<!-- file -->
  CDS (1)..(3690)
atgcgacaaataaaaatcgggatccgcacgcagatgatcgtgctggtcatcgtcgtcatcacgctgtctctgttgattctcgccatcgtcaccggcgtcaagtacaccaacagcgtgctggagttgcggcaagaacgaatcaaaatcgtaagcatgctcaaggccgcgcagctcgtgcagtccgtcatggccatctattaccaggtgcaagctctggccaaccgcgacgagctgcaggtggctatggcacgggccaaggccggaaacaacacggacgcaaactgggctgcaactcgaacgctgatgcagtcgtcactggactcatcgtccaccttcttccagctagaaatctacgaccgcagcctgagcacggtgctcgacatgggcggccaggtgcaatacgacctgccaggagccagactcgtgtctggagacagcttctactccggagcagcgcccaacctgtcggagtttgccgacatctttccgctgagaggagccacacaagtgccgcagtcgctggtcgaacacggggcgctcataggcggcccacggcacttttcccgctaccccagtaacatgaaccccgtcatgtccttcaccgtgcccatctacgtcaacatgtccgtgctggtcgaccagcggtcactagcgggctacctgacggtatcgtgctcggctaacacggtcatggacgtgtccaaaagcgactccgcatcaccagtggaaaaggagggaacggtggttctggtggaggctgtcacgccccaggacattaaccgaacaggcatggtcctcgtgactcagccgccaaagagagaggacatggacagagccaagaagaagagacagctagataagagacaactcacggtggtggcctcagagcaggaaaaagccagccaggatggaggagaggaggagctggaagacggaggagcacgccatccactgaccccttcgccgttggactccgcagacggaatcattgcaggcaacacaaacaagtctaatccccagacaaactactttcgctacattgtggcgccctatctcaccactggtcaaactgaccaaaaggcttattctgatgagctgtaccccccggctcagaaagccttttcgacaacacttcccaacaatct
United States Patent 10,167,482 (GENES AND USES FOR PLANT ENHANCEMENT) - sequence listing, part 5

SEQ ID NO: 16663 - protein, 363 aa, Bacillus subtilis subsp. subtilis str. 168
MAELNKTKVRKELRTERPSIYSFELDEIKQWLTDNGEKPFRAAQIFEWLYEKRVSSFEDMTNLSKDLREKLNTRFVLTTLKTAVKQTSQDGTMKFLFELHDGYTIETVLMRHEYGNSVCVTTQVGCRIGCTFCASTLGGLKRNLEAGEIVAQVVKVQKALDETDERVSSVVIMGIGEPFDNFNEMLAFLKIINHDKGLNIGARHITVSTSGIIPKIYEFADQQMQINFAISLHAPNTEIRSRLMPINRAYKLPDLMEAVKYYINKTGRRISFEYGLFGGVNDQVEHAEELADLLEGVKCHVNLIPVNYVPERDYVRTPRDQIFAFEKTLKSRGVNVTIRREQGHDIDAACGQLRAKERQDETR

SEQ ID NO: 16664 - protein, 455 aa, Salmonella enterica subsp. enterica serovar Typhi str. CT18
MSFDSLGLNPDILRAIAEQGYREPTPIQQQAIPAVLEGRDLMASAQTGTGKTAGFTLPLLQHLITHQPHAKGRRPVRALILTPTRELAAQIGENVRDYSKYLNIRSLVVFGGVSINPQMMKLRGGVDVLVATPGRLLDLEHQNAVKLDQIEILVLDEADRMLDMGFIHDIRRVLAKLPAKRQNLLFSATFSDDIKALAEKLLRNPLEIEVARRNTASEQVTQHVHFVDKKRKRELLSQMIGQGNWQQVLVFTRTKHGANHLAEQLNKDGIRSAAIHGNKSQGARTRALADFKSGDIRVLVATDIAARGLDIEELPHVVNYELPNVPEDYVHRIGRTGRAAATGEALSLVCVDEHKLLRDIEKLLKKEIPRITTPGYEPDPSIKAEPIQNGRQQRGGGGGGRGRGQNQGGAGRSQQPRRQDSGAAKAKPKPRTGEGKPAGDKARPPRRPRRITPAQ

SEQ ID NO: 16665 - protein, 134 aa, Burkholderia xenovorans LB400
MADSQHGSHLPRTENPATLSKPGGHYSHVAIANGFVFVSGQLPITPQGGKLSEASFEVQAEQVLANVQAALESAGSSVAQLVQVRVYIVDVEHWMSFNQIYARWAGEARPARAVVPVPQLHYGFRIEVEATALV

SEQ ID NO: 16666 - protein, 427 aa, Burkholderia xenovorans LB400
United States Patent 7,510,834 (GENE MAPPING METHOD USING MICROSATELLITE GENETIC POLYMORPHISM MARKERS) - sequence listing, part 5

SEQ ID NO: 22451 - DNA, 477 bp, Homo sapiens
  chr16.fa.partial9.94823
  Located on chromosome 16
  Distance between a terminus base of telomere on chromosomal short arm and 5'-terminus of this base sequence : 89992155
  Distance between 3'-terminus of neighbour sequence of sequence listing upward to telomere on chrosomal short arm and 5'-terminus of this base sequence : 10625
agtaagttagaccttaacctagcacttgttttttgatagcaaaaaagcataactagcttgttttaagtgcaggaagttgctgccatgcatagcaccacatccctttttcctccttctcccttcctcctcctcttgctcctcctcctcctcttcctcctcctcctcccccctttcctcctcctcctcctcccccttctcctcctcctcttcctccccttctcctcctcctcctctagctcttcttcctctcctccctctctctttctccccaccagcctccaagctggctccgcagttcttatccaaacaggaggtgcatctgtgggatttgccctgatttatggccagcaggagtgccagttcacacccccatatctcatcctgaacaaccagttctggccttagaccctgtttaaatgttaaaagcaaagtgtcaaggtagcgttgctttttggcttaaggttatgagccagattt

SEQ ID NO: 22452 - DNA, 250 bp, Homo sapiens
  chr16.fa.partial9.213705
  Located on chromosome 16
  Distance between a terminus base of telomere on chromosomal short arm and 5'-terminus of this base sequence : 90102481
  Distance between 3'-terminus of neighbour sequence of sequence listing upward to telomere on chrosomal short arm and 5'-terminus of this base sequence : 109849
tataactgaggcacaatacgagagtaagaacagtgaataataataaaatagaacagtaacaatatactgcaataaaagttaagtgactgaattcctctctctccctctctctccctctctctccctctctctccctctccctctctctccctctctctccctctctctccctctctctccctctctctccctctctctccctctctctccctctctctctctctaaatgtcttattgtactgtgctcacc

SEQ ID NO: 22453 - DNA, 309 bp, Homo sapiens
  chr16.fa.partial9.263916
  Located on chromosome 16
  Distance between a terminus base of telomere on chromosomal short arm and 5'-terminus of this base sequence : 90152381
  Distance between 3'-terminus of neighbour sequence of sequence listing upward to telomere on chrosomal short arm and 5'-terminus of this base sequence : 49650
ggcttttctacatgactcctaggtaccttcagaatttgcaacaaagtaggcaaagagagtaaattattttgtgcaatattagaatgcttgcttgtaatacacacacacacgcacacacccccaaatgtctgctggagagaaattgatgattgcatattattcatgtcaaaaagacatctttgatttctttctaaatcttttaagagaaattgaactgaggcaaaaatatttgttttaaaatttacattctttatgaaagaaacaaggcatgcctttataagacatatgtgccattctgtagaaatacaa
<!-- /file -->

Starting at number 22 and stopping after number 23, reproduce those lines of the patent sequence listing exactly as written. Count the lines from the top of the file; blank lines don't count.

  Distance between 3'-terminus of neighbour sequence of sequence listing upward to telomere on chrosomal short arm and 5'-terminus of this base sequence : 109849
tataactgaggcacaatacgagagtaagaacagtgaataataataaaatagaacagtaacaatatactgcaataaaagttaagtgactgaattcctctctctccctctctctccctctctctccctctctctccctctccctctctctccctctctctccctctctctccctctctctccctctctctccctctctctccctctctctccctctctctctctctaaatgtcttattgtactgtgctcacc